Google Ads has recently introduced a new campaign type. It’s called Demand Gen, and it’s replacing the Discovery campaign type. It should certainly be seen as a new, improved, and expanded version of Discovery campaigns, but rather than calling it something like “Discovery 2.0,” Google opted for an entirely new name. The name “Demand Gen” is intended to describe how this campaign type can help advertisers generate demand for their products and services. That implies better results for the ads than to simply be discovered. (Even Google needs to consider the marketing zing of what they’re offering!)
What is Demand Gen?
To be blunt, Demand Gen is Google’s attempt at duplicating what Meta/ Facebook has mastered: Capturing interest through ads shown in a feed. (This was also the purpose of Discovery campaigns.) Traditionally, when using Facebook or Instagram, users either swipe or scroll to see visually appealing content with ads interspersed within. This approach makes for an effective interest-attracting vehicle. Google, of course, has several other remarkable ad placement vehicles – such as search engine ads, display ads (which show next to content, like news articles), and YouTube ads. But the scrolling feed option is something that Meta has had over them. Google’s huge family of sites and apps already offers some feed-type usage, such as YouTube channel subscription feeds. Google created more, though, such as the feed that now appears in the Google Search mobile app. Discovery campaigns reached those feeds and a couple of other placements with ads. Demand Gen has added even more. Here are the places where Demand Gen campaign ads can be seen:
- Google Search app
- YouTube Home feed
- YouTube Watch Next feed
- YouTube Shorts
- YouTube Instream
- Gmail Promotions tab
- Gmail Social tab
How is Demand Gen different from Discovery
Demand Gen is very similar to its predecessor, Discovery, but adds the following:
- More placements – including YouTube Shorts and In-Stream ads
- More assets – up to 5 videos can be included within a campaign
- More ad formats – including short-form videos, carousels, and various image shapes
- Maximize clicks bidding – Rather than needing to choose conversion bidding, maximize clicks bidding is available with no minimum budget required.
- Lookalike segments – Create lookalike audiences based on inputs like past purchases, website and app activity, or YouTube engagement.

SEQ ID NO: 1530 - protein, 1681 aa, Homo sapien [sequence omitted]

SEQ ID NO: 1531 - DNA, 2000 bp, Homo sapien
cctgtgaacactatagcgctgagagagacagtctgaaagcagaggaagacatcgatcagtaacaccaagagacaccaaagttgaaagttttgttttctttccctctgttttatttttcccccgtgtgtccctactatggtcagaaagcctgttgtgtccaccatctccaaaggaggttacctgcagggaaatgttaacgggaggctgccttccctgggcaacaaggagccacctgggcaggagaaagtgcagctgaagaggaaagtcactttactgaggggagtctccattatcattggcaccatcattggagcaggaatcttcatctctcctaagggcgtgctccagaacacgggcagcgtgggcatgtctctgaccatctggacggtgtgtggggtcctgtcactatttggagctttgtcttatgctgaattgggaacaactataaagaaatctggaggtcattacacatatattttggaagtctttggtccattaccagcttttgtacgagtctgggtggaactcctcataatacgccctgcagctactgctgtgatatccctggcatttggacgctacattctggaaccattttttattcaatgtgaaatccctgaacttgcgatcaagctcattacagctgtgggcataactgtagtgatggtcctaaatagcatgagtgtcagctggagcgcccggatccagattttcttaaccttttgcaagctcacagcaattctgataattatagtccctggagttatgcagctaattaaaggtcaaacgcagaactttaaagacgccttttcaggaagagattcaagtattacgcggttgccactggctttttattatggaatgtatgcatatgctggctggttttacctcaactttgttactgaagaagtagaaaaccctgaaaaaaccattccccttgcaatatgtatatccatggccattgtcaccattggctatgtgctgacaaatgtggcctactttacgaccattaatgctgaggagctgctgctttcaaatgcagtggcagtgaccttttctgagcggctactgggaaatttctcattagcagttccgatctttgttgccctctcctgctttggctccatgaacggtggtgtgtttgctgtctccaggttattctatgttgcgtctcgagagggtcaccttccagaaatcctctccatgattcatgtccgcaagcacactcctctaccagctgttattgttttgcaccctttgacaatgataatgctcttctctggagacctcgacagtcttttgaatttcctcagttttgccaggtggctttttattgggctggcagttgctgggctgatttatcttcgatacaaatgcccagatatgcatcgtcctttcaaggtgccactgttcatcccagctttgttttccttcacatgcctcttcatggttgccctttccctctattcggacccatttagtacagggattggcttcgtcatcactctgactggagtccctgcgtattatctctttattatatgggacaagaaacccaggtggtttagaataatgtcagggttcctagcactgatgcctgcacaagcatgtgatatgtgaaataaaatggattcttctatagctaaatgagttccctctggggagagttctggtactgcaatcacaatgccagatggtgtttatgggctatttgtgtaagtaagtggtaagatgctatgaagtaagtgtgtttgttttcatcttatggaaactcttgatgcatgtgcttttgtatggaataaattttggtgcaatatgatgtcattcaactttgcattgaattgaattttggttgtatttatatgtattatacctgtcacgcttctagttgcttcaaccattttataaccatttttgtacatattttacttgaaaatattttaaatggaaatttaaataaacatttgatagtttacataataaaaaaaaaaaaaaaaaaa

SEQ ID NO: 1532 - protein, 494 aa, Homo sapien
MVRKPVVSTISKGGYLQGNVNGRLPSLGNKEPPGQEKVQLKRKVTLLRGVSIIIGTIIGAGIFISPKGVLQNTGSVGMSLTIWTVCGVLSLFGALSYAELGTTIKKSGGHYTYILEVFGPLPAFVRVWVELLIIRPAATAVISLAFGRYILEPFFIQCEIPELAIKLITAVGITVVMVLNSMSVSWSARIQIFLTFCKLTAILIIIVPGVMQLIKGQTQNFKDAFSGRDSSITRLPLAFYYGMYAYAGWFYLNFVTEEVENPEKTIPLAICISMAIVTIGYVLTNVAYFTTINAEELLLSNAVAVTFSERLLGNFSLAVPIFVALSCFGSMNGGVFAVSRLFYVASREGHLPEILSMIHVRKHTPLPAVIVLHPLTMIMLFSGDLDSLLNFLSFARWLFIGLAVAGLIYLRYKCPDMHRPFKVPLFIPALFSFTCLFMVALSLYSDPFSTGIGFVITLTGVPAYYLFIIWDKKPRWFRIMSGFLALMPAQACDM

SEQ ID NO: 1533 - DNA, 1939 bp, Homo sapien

How to use Demand Gen
To create a Demand Gen campaign, choose one of these options for the campaign objective:
- Website Traffic
- Awareness and consideration
- Create a campaign without a goal’s guidance
Then, choose Demand Gen as the campaign type.
The next options in the campaign settings are:
- Campaign name (create a custom name)
- Campaign goal (conversions, clicks, or conversion value)
- Conversion goals (choose from conversions that have already been created)
- Set target cost per action (this is optional — maximize conversions for your budget is the default setting)
- Daily budget
- Start date (and end date, if applicable)
- Devices (optional)
- Ad schedule (optional)
What about location and language? This is interesting. These settings have traditionally been at the campaign level in Google Ads, but for Demand Gen, Google prefers you set them at the ad group level (which is how Meta/ Facebook has always done it). Here’s Google’s advice in the campaign setup panel:
We recommend setting location and language at the ad group level to better align with your other targeting and to make sure your budget is being allocated to where your ads are performing best. Setting location and language at the campaign level is only recommended if you need to target a radius around a location and cannot be changed after publishing this campaign. Setting campaign level location and language will clear your ad group level location and language settings.